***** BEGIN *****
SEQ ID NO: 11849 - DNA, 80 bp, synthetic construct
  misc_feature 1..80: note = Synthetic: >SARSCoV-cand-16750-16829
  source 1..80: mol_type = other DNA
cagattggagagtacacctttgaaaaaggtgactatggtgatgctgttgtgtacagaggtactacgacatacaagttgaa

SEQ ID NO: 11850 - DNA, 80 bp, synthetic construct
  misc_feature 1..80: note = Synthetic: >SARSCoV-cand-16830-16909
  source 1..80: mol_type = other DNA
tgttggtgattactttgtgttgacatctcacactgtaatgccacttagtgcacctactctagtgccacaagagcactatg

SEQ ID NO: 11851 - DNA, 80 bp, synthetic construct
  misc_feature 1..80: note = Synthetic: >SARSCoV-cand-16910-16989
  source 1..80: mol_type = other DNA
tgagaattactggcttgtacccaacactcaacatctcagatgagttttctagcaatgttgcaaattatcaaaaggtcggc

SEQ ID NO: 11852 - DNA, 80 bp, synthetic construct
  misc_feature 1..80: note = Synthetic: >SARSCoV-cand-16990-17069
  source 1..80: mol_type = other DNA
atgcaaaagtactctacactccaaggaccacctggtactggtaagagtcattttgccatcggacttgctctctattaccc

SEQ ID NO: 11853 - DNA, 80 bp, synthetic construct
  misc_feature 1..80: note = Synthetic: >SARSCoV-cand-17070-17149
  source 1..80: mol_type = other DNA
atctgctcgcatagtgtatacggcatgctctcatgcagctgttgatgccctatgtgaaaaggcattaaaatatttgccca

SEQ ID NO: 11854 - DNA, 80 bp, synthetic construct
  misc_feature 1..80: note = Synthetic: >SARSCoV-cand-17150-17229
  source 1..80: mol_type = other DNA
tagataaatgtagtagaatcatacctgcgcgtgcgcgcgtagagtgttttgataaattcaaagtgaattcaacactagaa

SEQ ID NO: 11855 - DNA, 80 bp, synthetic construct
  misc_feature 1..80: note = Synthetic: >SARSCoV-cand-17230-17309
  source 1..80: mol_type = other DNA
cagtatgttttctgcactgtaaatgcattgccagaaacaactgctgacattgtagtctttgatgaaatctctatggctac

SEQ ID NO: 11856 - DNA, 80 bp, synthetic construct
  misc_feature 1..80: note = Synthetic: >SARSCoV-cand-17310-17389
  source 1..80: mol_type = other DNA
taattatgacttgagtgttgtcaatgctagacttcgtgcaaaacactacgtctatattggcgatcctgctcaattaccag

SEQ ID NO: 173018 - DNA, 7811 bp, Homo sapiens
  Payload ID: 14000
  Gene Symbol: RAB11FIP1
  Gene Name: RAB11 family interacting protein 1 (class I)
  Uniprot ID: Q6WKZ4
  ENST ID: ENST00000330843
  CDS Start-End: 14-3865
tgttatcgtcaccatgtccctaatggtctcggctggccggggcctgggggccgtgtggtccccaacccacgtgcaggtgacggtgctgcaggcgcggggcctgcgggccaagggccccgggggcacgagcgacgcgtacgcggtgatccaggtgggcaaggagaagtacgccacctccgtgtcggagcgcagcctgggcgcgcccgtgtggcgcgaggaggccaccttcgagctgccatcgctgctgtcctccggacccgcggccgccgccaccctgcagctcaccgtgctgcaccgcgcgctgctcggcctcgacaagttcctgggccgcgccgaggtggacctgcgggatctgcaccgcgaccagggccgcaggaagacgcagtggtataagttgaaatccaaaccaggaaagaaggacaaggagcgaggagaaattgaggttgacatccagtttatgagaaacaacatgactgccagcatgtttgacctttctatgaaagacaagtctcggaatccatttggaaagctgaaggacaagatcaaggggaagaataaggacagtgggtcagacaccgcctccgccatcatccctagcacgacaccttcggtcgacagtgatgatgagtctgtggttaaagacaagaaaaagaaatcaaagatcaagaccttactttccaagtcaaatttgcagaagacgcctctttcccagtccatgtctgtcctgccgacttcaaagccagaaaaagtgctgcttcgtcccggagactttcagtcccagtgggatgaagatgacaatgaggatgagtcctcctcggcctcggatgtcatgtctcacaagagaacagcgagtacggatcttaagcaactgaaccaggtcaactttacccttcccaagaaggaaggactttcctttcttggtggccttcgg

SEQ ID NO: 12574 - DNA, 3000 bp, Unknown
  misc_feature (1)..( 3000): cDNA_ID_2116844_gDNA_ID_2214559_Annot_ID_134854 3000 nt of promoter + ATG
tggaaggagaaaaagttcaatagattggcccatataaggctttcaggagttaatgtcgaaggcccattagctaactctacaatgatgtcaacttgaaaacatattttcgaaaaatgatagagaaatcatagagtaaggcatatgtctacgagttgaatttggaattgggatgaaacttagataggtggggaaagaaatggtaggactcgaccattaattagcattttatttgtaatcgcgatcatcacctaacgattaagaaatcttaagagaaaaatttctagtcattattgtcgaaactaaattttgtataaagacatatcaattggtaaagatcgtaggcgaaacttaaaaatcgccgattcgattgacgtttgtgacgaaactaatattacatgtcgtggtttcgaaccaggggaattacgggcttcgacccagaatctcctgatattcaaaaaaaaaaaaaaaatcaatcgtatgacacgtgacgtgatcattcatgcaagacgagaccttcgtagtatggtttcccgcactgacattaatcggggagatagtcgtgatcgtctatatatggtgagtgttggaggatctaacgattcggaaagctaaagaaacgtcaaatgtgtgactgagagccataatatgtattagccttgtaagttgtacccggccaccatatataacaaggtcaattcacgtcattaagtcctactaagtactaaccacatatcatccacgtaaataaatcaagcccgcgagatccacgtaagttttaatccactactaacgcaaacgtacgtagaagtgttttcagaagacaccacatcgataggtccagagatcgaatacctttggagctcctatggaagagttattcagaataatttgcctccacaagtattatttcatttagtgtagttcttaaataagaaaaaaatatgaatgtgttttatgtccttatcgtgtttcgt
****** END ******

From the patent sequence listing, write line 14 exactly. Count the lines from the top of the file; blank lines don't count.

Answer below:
  misc_feature 1..80: note = Synthetic: >SARSCoV-cand-16990-17069